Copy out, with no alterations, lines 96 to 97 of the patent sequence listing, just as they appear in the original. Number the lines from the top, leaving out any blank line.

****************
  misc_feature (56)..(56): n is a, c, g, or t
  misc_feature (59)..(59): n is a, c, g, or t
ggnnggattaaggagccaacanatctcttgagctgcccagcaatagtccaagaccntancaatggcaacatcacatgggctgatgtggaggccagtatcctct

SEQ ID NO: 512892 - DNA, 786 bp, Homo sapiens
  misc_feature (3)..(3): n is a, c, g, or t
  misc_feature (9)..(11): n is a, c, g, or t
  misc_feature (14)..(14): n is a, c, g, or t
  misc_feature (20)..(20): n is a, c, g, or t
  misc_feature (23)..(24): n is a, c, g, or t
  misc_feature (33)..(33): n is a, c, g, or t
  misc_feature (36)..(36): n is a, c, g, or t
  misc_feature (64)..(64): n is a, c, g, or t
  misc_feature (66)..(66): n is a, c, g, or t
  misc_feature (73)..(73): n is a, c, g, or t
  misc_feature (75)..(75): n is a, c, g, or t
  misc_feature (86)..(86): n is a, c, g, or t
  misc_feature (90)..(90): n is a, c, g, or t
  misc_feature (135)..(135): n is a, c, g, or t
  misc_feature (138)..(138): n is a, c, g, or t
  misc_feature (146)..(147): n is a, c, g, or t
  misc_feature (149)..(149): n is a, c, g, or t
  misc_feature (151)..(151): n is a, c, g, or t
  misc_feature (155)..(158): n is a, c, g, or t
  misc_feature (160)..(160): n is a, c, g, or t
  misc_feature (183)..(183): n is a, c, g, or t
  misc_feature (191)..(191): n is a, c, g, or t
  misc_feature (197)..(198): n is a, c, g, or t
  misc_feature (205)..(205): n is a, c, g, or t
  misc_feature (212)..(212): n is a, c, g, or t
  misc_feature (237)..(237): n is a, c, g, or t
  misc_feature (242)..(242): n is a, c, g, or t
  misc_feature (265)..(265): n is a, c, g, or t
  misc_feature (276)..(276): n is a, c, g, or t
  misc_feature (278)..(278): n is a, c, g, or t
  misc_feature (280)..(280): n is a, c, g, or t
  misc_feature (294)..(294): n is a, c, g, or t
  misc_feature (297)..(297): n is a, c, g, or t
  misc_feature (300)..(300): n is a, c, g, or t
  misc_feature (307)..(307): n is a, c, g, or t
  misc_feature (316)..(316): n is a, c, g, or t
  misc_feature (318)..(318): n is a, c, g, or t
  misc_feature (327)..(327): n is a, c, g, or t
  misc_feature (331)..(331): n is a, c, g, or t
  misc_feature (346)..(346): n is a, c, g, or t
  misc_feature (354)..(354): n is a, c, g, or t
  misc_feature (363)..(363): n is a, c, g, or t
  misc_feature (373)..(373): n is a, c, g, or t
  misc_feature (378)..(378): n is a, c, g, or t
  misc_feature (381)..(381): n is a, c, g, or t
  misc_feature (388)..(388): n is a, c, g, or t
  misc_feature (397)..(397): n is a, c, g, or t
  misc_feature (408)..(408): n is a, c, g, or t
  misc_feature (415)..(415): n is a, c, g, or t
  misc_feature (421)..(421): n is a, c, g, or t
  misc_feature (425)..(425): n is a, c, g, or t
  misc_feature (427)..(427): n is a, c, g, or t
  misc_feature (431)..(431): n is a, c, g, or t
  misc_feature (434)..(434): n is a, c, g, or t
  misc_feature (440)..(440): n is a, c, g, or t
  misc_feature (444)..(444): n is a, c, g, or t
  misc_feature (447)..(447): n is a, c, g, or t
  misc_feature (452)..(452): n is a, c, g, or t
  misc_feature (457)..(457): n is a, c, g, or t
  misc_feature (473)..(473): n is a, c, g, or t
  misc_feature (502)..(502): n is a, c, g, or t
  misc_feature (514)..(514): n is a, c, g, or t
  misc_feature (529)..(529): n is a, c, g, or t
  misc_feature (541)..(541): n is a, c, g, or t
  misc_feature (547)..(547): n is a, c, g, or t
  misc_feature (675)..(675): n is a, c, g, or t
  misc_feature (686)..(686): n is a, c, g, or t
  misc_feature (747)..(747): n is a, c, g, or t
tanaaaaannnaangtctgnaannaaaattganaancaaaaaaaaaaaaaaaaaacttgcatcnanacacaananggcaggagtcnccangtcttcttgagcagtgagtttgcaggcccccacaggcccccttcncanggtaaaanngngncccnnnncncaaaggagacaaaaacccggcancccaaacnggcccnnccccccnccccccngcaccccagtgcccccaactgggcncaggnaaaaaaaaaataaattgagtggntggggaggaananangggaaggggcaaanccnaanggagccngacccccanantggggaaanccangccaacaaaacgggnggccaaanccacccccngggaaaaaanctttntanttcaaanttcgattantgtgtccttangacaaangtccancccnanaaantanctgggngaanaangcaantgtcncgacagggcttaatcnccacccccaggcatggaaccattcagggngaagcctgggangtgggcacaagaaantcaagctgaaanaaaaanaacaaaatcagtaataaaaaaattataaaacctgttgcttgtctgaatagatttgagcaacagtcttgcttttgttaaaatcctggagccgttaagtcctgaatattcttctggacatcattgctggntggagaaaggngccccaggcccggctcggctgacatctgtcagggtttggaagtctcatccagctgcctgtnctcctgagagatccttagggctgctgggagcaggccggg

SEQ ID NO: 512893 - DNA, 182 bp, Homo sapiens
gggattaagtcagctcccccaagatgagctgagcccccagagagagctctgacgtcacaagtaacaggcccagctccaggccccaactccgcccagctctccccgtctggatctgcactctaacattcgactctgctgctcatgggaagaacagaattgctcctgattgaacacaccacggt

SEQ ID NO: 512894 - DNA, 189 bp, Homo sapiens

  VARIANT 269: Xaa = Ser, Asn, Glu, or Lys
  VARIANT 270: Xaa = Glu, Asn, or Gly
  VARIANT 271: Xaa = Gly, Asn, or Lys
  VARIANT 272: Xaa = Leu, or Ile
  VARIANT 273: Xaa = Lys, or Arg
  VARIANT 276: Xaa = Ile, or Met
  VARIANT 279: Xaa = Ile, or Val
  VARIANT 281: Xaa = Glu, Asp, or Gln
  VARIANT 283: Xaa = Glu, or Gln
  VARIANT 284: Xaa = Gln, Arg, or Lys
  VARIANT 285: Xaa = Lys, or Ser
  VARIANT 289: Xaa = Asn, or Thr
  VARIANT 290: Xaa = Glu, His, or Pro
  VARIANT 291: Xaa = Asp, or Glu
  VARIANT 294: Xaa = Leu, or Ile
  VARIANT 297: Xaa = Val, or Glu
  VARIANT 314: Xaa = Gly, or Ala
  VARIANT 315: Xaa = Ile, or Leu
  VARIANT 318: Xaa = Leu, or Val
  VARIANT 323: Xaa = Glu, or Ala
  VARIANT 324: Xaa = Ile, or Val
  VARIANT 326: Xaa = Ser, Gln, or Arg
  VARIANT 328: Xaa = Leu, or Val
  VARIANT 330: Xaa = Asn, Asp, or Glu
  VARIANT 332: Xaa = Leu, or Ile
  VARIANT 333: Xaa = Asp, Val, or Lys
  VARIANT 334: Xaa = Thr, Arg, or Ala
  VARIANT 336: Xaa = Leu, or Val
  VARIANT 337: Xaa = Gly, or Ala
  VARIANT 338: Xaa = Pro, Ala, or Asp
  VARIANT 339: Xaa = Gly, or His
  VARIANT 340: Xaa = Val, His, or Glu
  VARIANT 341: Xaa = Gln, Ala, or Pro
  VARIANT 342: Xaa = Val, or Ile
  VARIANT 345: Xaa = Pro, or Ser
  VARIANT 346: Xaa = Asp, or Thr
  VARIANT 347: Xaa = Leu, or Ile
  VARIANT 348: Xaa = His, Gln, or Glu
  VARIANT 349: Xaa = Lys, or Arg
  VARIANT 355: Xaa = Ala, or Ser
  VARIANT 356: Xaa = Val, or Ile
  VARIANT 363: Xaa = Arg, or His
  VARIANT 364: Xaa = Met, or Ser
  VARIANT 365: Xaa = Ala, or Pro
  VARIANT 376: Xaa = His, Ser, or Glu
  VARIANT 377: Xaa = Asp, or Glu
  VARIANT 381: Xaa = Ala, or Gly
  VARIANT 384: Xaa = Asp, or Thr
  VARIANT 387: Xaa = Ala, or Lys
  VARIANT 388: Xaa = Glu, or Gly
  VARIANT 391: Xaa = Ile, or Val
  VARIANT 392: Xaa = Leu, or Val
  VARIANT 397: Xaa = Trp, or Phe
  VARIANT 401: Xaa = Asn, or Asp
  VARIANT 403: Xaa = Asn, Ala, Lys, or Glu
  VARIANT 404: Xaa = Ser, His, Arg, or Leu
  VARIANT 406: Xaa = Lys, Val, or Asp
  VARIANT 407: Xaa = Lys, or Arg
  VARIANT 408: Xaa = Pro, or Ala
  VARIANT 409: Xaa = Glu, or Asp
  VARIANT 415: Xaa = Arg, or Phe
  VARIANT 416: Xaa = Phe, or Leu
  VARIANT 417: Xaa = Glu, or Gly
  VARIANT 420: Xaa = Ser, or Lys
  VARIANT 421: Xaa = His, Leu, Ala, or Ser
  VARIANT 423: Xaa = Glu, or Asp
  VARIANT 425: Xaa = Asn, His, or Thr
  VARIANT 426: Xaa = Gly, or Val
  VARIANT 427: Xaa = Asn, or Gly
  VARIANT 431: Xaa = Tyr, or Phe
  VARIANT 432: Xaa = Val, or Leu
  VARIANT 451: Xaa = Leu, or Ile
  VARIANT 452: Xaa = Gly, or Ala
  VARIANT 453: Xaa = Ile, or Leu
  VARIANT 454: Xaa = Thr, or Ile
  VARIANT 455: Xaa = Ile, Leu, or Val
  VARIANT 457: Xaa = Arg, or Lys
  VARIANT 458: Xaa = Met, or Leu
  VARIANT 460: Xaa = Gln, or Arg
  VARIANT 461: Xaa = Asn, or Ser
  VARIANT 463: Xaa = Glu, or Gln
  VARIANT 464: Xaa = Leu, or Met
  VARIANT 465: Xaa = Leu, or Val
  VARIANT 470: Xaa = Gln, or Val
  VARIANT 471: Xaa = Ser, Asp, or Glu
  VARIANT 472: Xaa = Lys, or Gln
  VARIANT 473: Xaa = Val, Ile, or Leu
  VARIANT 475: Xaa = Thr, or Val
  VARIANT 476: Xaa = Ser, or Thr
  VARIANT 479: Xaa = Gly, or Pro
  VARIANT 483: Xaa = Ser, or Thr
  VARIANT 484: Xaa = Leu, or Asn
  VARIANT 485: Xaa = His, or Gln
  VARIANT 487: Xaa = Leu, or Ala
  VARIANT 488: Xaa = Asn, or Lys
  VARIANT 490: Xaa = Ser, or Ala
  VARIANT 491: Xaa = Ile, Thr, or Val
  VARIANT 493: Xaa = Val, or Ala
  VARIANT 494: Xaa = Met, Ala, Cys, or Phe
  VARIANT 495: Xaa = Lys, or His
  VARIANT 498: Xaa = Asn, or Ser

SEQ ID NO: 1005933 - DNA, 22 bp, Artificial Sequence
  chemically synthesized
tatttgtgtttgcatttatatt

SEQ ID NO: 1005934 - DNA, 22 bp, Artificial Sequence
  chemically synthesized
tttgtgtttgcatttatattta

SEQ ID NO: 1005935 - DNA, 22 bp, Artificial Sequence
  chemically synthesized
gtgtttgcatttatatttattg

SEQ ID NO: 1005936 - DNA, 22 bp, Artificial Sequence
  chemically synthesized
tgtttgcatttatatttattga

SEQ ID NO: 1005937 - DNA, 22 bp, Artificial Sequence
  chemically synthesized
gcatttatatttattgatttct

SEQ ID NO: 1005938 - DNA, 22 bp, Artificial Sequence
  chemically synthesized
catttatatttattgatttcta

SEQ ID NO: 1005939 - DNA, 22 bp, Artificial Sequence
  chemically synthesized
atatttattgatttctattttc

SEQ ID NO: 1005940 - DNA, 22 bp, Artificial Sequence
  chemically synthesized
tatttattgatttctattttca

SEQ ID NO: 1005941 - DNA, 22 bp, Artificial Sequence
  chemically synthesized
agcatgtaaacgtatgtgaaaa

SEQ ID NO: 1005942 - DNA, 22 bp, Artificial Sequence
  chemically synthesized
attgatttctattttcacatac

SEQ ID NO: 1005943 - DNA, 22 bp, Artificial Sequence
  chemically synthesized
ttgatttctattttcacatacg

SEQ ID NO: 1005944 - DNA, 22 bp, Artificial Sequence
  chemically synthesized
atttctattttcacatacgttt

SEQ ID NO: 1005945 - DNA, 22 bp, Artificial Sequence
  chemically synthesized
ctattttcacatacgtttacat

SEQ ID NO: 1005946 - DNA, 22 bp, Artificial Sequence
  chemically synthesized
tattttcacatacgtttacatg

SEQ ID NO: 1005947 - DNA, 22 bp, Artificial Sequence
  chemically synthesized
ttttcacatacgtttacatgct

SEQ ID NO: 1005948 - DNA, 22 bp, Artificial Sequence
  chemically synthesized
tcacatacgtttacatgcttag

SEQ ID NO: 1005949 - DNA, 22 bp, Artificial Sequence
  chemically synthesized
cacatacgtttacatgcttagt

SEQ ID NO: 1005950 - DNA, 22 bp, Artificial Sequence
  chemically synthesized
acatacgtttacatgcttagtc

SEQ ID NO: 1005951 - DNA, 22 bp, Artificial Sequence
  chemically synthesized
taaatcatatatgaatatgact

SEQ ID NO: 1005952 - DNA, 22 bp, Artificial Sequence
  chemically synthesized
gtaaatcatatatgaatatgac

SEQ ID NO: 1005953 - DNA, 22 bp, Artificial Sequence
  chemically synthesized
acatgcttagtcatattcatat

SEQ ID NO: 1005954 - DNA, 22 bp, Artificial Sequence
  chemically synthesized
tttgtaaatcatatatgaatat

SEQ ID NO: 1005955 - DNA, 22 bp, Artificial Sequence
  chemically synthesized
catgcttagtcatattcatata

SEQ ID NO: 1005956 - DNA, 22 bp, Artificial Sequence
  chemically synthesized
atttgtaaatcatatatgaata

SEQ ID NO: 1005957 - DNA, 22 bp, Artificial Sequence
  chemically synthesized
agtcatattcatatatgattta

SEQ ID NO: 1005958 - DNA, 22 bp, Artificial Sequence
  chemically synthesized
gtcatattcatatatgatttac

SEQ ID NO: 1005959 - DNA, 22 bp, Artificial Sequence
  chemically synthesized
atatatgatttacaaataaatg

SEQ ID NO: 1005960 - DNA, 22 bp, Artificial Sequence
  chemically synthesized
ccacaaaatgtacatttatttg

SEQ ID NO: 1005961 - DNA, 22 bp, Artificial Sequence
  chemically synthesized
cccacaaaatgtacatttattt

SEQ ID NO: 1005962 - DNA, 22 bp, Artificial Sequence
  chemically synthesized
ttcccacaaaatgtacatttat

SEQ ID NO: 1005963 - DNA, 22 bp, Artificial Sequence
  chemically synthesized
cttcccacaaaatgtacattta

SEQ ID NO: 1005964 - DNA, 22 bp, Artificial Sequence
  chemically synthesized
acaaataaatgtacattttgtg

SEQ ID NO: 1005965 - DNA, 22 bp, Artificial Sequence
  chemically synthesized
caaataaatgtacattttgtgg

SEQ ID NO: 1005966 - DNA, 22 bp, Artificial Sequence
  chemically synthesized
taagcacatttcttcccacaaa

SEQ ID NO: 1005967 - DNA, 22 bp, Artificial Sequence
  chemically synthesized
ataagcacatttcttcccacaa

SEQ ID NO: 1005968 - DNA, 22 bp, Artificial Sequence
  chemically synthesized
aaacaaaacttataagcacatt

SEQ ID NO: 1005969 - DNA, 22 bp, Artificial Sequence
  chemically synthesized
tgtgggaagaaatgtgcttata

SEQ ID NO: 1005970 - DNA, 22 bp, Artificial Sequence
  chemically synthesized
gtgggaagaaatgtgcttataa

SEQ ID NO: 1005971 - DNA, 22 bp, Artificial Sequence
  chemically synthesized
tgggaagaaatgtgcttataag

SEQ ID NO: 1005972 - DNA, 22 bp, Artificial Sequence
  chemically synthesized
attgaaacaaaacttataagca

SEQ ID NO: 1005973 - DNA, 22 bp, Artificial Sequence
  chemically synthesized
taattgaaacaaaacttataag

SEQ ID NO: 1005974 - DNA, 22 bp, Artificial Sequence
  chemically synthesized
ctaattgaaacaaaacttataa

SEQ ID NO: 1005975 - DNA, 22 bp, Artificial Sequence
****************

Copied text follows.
  VARIANT 323: Xaa = Glu, or Ala
  VARIANT 324: Xaa = Ile, or Val